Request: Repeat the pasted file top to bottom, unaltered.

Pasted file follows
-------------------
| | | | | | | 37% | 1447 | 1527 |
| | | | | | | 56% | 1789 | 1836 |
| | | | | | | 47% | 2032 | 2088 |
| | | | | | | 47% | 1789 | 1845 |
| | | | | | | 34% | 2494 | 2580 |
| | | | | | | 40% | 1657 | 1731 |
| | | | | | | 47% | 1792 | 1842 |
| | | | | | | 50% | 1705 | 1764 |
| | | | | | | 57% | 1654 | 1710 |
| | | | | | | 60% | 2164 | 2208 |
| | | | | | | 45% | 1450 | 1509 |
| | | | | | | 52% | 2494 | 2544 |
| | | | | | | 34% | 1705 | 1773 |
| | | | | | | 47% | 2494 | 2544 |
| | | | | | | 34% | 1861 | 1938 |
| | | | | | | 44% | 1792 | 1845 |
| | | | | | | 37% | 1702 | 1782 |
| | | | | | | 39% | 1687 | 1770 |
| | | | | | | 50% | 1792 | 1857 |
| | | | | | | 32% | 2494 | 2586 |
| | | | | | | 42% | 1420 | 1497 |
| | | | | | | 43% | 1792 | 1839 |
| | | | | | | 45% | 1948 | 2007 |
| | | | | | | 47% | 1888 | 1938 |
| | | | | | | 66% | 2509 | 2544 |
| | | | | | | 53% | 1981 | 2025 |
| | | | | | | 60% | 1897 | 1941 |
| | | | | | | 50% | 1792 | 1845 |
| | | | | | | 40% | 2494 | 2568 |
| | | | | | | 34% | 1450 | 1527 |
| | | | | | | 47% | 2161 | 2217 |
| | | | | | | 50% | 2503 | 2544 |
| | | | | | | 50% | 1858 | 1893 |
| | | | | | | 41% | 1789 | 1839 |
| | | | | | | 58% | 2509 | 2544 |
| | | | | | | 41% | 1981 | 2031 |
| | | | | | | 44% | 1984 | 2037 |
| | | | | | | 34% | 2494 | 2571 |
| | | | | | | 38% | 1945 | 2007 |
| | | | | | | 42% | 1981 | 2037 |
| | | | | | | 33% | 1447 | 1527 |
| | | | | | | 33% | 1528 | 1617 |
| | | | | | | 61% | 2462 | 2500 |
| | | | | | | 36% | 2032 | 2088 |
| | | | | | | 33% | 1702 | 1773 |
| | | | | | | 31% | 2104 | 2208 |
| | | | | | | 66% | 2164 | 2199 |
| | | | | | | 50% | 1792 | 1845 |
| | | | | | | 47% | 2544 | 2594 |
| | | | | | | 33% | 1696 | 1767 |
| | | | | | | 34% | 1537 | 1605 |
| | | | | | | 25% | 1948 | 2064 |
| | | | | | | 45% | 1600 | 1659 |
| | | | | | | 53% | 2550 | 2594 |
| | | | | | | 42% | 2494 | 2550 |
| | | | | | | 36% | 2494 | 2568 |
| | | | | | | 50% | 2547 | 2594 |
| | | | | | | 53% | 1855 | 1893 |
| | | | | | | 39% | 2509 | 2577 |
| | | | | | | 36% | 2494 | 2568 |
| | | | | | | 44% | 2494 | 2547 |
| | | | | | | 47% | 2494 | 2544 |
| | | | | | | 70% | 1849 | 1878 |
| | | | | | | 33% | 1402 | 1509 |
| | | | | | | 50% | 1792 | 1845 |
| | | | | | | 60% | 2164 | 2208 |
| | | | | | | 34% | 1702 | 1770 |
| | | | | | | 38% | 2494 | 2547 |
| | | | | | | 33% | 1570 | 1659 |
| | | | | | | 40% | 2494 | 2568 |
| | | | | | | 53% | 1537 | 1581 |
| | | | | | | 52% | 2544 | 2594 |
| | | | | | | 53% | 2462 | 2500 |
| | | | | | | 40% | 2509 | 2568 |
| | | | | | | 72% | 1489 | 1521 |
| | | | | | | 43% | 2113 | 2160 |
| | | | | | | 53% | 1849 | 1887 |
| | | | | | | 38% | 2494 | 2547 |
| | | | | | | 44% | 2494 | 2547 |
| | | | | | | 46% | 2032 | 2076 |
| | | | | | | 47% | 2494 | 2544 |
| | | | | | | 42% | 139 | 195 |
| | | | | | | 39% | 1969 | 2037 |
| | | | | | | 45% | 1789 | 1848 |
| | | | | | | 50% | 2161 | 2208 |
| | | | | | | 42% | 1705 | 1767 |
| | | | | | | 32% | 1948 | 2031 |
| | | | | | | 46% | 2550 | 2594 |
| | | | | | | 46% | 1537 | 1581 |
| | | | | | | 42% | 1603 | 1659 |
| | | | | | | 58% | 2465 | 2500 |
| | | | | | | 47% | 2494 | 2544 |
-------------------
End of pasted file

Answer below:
| | | | | | | 37% | 1447 | 1527 |
| | | | | | | 56% | 1789 | 1836 |
| | | | | | | 47% | 2032 | 2088 |
| | | | | | | 47% | 1789 | 1845 |
| | | | | | | 34% | 2494 | 2580 |
| | | | | | | 40% | 1657 | 1731 |
| | | | | | | 47% | 1792 | 1842 |
| | | | | | | 50% | 1705 | 1764 |
| | | | | | | 57% | 1654 | 1710 |
| | | | | | | 60% | 2164 | 2208 |
| | | | | | | 45% | 1450 | 1509 |
| | | | | | | 52% | 2494 | 2544 |
| | | | | | | 34% | 1705 | 1773 |
| | | | | | | 47% | 2494 | 2544 |
| | | | | | | 34% | 1861 | 1938 |
| | | | | | | 44% | 1792 | 1845 |
| | | | | | | 37% | 1702 | 1782 |
| | | | | | | 39% | 1687 | 1770 |
| | | | | | | 50% | 1792 | 1857 |
| | | | | | | 32% | 2494 | 2586 |
| | | | | | | 42% | 1420 | 1497 |
| | | | | | | 43% | 1792 | 1839 |
| | | | | | | 45% | 1948 | 2007 |
| | | | | | | 47% | 1888 | 1938 |
| | | | | | | 66% | 2509 | 2544 |
| | | | | | | 53% | 1981 | 2025 |
| | | | | | | 60% | 1897 | 1941 |
| | | | | | | 50% | 1792 | 1845 |
| | | | | | | 40% | 2494 | 2568 |
| | | | | | | 34% | 1450 | 1527 |
| | | | | | | 47% | 2161 | 2217 |
| | | | | | | 50% | 2503 | 2544 |
| | | | | | | 50% | 1858 | 1893 |
| | | | | | | 41% | 1789 | 1839 |
| | | | | | | 58% | 2509 | 2544 |
| | | | | | | 41% | 1981 | 2031 |
| | | | | | | 44% | 1984 | 2037 |
| | | | | | | 34% | 2494 | 2571 |
| | | | | | | 38% | 1945 | 2007 |
| | | | | | | 42% | 1981 | 2037 |
| | | | | | | 33% | 1447 | 1527 |
| | | | | | | 33% | 1528 | 1617 |
| | | | | | | 61% | 2462 | 2500 |
| | | | | | | 36% | 2032 | 2088 |
| | | | | | | 33% | 1702 | 1773 |
| | | | | | | 31% | 2104 | 2208 |
| | | | | | | 66% | 2164 | 2199 |
| | | | | | | 50% | 1792 | 1845 |
| | | | | | | 47% | 2544 | 2594 |
| | | | | | | 33% | 1696 | 1767 |
| | | | | | | 34% | 1537 | 1605 |
| | | | | | | 25% | 1948 | 2064 |
| | | | | | | 45% | 1600 | 1659 |
| | | | | | | 53% | 2550 | 2594 |
| | | | | | | 42% | 2494 | 2550 |
| | | | | | | 36% | 2494 | 2568 |
| | | | | | | 50% | 2547 | 2594 |
| | | | | | | 53% | 1855 | 1893 |
| | | | | | | 39% | 2509 | 2577 |
| | | | | | | 36% | 2494 | 2568 |
| | | | | | | 44% | 2494 | 2547 |
| | | | | | | 47% | 2494 | 2544 |
| | | | | | | 70% | 1849 | 1878 |
| | | | | | | 33% | 1402 | 1509 |
| | | | | | | 50% | 1792 | 1845 |
| | | | | | | 60% | 2164 | 2208 |
| | | | | | | 34% | 1702 | 1770 |
| | | | | | | 38% | 2494 | 2547 |
| | | | | | | 33% | 1570 | 1659 |
| | | | | | | 40% | 2494 | 2568 |
| | | | | | | 53% | 1537 | 1581 |
| | | | | | | 52% | 2544 | 2594 |
| | | | | | | 53% | 2462 | 2500 |
| | | | | | | 40% | 2509 | 2568 |
| | | | | | | 72% | 1489 | 1521 |
| | | | | | | 43% | 2113 | 2160 |
| | | | | | | 53% | 1849 | 1887 |
| | | | | | | 38% | 2494 | 2547 |
| | | | | | | 44% | 2494 | 2547 |
| | | | | | | 46% | 2032 | 2076 |
| | | | | | | 47% | 2494 | 2544 |
| | | | | | | 42% | 139 | 195 |
| | | | | | | 39% | 1969 | 2037 |
| | | | | | | 45% | 1789 | 1848 |
| | | | | | | 50% | 2161 | 2208 |
| | | | | | | 42% | 1705 | 1767 |
| | | | | | | 32% | 1948 | 2031 |
| | | | | | | 46% | 2550 | 2594 |
| | | | | | | 46% | 1537 | 1581 |
| | | | | | | 42% | 1603 | 1659 |
| | | | | | | 58% | 2465 | 2500 |
| | | | | | | 47% | 2494 | 2544 |